In a Rut? Try These Simple A/B Tests
Javi Calderon, Content Marketing Manager, Real Magnet
Its no secret that marketing can get repetitive. You’re promoting one event, webinar, or piece of content after another. Week after week after week. You may think you’re in a great routine; eventually, however, your recipients will think otherwise – you’re in a rut.
A/B testing different variables in your messaging can be a great way to shake things up and give your engagement metrics a boost.
Here are 5 quick tests that you can try:
If your open rate has gone stale, try A/B testing some different From Field options.
A person. Try sending to your customers from their account manager, or to your prospects from the sales rep who is courting them. Important announcements could come from the desk of your CEO.
From a Department. Do you send your recipients different types of communications? This may be a good approach, as your recipients will feel less bombarded overall and get a better idea of what kind of content awaits them after they open your message. Popular publications often follow this model, sending content from the Sports desk, the Politics desk, the Entertainment desk, et al.
The Company. If these more personalized approaches have plateaued, maybe sending from your recognizable company brand name will help boost open rates.
Your subject line is the most critical piece of the puzzle. It needs to stand out, hint at the content in your message, and entice the recipient to open — all in one sentence.
Length is key to a successful subject line. Studies show that open rates drop off with subject lines that are longer than 7 words. Make sure to position the most important information at the front.
Urgency. Identify pain points, offer special rates, or point out an upcoming deadline.
Personalization. Recipients these days expect messaging and promotions that are tailored to their interests and needs. Personalization can go beyond adding their first name to the subject line. Get creative!
Preheader text is the line of text that shows up in your inbox behind the subject line. Many ESPs allow you to customize this line of text. Marketers typically use this as an extension of the subject line or to provide a summary of the email message. This is a great place to be creative.
Offer Details. This is a perfect place to provide additional details, like a promo code or the date and time for a webinar.
Emoji are a polarizing topic in the email world. On one hand, they’re a great way of conveying a lot of information in one character, thus making better use of your space. They’re also fun and casual. However, if you have a highly professional, buttoned-up brand, emoji most likely wouldn’t convey the type of persona that you’re looking to portray.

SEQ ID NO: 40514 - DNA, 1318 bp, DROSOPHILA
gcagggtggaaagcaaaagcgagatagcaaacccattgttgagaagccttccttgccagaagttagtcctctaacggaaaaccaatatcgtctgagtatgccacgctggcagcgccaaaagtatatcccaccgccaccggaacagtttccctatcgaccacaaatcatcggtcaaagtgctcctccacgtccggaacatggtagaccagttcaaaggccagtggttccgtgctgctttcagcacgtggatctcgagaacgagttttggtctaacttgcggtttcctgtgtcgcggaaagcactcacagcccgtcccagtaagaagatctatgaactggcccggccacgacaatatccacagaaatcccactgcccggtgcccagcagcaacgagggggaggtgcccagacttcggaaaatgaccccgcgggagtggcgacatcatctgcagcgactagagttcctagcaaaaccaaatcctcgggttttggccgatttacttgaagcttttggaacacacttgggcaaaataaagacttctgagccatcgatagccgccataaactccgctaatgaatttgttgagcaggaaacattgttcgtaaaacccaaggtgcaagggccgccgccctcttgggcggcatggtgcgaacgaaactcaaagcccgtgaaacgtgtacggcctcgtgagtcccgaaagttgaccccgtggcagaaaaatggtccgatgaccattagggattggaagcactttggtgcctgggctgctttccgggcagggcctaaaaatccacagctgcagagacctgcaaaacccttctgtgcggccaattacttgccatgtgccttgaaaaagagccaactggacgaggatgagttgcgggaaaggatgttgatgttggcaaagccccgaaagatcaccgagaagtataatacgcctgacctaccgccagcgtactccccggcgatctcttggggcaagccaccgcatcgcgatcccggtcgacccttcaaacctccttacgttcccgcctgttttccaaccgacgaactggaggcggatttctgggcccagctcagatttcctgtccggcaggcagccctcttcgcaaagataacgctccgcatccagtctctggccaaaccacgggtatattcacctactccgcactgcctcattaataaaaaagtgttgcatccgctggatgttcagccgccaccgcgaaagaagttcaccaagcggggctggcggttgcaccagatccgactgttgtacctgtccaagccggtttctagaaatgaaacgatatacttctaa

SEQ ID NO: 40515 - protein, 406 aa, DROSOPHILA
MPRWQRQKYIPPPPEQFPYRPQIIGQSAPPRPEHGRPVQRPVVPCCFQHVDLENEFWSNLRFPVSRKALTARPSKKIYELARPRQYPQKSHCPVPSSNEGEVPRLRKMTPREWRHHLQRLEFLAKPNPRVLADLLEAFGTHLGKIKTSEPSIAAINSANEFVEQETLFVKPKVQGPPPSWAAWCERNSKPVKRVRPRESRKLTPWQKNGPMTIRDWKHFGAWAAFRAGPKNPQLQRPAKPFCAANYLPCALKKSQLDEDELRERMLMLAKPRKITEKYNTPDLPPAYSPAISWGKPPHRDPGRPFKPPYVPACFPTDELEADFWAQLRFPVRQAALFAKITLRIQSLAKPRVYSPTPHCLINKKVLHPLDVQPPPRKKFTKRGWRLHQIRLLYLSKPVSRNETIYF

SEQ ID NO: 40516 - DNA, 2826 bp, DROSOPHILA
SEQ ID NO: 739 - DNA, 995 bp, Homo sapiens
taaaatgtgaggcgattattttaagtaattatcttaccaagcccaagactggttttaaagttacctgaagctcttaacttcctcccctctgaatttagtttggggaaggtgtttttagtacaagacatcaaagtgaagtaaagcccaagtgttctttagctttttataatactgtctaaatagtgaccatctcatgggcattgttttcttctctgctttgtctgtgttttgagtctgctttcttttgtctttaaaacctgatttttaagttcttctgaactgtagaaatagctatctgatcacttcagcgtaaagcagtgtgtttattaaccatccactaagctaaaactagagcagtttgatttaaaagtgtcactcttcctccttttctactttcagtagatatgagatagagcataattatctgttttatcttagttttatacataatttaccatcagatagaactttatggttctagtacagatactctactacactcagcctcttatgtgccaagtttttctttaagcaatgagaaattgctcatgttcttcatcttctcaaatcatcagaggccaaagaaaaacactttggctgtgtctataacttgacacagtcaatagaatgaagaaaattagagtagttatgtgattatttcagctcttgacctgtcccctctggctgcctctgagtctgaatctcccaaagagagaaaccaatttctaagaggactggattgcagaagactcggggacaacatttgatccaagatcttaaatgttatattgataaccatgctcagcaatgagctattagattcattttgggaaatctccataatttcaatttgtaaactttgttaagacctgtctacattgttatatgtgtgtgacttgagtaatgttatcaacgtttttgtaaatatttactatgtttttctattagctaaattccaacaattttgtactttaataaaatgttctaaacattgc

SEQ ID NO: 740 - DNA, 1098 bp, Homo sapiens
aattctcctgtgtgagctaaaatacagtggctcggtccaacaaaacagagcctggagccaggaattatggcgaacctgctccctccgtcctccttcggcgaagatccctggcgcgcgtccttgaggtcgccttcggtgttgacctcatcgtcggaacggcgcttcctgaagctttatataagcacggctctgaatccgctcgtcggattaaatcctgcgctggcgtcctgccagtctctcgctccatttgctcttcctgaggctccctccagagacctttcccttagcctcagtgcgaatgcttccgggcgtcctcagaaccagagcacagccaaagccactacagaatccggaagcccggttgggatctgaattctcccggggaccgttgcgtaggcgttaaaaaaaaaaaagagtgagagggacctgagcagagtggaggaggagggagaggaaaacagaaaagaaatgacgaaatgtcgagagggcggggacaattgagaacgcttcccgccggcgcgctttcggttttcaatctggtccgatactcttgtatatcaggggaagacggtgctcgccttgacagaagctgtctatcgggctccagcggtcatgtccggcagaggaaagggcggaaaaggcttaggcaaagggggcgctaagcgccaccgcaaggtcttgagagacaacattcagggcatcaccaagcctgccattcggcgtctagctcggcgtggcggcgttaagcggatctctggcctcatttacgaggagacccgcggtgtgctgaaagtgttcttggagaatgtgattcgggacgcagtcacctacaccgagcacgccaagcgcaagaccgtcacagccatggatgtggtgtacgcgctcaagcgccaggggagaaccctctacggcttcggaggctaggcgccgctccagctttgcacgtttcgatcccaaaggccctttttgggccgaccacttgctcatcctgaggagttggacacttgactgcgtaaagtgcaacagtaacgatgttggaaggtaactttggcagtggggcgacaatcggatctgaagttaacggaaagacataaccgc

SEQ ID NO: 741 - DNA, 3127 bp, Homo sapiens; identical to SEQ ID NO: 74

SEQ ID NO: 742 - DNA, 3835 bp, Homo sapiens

Time of Send
When you send your email messages, and the daily routines of your recipients, have a massive impact on your open rates. Take these factors into account when choosing your send times and message design.
Morning. Are you looking to catch early risers, or busy professionals on their morning commute? Maybe mobile friendly designs are the way to go.
Noon. Lunch time might be a risky proposition as many of your recipients might be scrambling around for lunch and away from their desks. However, maybe your recipients are teachers or nurses, for example, and lunch is the only time during the day that they get a chance to check email. Consider what’s most convenient for audience’s schedule, not yours!
Afternoon. If you’re emailing the everyman business crowd, mid to late afternoon may be the best bet as they’ll be at their desks and in the flow of their daily routine.
Day of week. Test! That’s the goal of A/B testing — to squeeze a little more performance out of your email marketing. Test sending your messages at different times and days of the week to see which consistently perform the best.
Its no surprise that the design and layout of your message can have a big impact on how your recipients interact with it. Changing up your message layout might be just the thing to boost your engagement metrics.
Images. Consider where your images are located in your message, and the overall balance of images to text. You’ll want to keep your messages short and sweet, with plenty of supporting imagery.
Call-to-Action. Where is your Call-to-Action located in your message? Try to have your initial ask above the fold once the message is opened, so the recipient immediately knows what you want from them.
Message Length. It’s no surprise that the length of email messages negatively impact engagement. Recipients have busy schedules and short attention spans. Faced with too much content at once and recipients quickly bail. If you send regular newsletters, make sure to keep the most important content at the top.
A/B testing is a great way to take the guesswork out of marketing and make the most out of your email marketing efforts. Whether your email metrics are in an unexpected slump, or you’re simply looking to optimize the experience for your recipients, regular A/b testing will help you create and deliver email that your audience will consistently want to open and engage with.